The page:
There was much to enjoy about making the cushion covers for the couch. Moving on from plywood to work with another material, attempting to sew for the first time since I was in school, sourcing foam and finding a suitable fabric with a pattern that would match the frame. I knew the cushions would make or break the whole piece of furniture. I also wanted to explore the possibilities of digital printing onto fabric.
My initial plan was actually to choose a patterned fabric from somewhere and ask an upholsterer to make the covers. When the quotes came in at about $450 just for the labour, I thought it was worthwhile (and more fun) to tackle the it myself.
After spending hours in Spotlight and on various websites I couldn’t find a pattern I was happy with. Like with many things, I wasn’t happy enough with what already existed in the world, so I took up the challenge of making something of my own to add to it. Through online research I saw that companies now offer digital printing onto fabric, so with Adobe Illustrator at the ready, I started coming up with ideas.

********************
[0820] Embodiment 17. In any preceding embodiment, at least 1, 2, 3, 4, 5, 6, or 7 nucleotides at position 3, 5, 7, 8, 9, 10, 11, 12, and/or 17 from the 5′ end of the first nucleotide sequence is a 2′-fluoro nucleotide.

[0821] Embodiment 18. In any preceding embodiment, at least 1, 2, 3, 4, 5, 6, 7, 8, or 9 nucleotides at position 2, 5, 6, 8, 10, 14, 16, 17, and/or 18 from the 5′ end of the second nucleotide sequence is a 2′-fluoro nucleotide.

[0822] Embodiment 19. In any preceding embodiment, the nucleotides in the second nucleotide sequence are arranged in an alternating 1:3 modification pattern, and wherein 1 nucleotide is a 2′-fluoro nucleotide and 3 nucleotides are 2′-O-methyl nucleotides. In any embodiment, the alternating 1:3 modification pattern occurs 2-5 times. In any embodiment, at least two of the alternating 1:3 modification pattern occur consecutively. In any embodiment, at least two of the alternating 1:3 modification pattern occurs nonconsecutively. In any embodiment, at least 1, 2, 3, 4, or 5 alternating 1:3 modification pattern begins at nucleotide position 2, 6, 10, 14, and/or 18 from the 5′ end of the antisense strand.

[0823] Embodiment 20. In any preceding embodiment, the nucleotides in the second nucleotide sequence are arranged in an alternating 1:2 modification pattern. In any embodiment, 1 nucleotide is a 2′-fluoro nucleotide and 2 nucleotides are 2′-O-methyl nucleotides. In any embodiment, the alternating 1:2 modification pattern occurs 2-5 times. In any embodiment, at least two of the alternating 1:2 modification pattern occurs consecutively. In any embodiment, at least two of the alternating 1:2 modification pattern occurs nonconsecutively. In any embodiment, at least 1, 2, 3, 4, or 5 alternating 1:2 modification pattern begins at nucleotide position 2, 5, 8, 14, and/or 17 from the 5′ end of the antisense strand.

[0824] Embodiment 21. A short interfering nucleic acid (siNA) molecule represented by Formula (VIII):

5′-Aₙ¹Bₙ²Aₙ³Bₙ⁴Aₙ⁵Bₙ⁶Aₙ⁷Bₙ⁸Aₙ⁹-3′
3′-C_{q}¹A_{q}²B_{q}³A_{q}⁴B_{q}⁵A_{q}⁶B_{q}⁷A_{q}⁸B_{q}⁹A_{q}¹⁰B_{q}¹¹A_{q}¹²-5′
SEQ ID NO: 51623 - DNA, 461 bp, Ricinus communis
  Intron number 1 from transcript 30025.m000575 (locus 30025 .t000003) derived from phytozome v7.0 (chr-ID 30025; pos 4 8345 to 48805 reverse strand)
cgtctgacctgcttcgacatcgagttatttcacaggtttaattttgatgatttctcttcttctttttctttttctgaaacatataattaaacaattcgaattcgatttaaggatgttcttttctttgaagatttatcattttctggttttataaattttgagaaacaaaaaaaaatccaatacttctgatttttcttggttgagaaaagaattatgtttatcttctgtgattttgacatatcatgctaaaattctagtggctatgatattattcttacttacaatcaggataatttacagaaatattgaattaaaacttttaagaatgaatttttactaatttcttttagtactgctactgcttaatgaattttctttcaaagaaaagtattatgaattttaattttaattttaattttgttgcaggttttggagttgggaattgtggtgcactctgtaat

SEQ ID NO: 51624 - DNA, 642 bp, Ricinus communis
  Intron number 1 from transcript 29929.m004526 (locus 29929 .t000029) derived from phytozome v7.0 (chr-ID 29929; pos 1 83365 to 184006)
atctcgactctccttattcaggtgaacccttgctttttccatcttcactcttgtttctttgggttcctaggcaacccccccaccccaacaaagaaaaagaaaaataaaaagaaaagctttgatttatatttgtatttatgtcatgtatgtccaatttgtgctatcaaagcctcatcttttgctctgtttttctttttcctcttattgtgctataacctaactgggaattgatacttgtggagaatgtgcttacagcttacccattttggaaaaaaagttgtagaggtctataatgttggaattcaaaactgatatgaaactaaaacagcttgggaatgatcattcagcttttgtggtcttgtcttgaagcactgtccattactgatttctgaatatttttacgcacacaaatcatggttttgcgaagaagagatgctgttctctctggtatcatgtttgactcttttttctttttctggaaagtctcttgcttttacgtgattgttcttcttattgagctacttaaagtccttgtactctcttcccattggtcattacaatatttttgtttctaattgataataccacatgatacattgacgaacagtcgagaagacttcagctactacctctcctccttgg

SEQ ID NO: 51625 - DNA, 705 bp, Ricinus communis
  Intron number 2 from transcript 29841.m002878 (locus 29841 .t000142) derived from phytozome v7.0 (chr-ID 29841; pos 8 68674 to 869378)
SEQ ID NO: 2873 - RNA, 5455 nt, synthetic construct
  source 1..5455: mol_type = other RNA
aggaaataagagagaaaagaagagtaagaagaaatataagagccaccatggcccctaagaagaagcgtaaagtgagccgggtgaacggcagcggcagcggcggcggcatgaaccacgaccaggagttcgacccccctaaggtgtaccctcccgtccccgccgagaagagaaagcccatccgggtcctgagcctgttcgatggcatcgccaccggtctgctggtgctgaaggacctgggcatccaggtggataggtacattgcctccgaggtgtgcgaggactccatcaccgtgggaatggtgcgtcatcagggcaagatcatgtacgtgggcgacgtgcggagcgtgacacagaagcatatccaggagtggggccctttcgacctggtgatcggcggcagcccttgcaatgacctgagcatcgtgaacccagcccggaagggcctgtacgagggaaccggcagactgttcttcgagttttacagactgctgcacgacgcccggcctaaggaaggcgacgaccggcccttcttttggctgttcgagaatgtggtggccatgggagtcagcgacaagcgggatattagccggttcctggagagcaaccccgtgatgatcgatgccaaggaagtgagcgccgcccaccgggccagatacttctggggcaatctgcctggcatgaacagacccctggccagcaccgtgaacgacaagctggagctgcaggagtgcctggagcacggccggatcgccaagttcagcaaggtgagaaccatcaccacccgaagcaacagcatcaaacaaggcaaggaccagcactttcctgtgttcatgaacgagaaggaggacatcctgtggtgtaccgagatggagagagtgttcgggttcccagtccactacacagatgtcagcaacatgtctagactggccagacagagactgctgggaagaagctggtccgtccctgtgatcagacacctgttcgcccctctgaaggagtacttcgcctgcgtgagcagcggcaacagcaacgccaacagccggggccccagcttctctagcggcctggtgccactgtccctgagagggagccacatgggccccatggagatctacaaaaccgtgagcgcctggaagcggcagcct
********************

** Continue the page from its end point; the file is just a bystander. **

I wanted a pattern with at least a subtle link to something native Australian, which feels fresh and with a balance of detail and simplicity to complement that of the frame.
I thought I could use triangles to represent shapes to echo the angular aspects of the frame. I drew sketches of kangaroo paw in an attempt to convert them into a pattern. These didn’t work.
Eventually I honed in on the idea of using a silhouette pattern so I searched for pictures of Australian native plants and flowers but I had a hard time finding one in a form that could be made into a silhouette. Eventually I found a picture of a fake young eucalyptus branch that was perfect - I guess only people selling a manufactured eucalyptus branch would make the effort to take a photo with it arranged so nicely on a white background.
After a lot more work processing and developing this in Illustrator, I ended up happy with the pattern I’d designed:
I was now ready to use it for my couch design.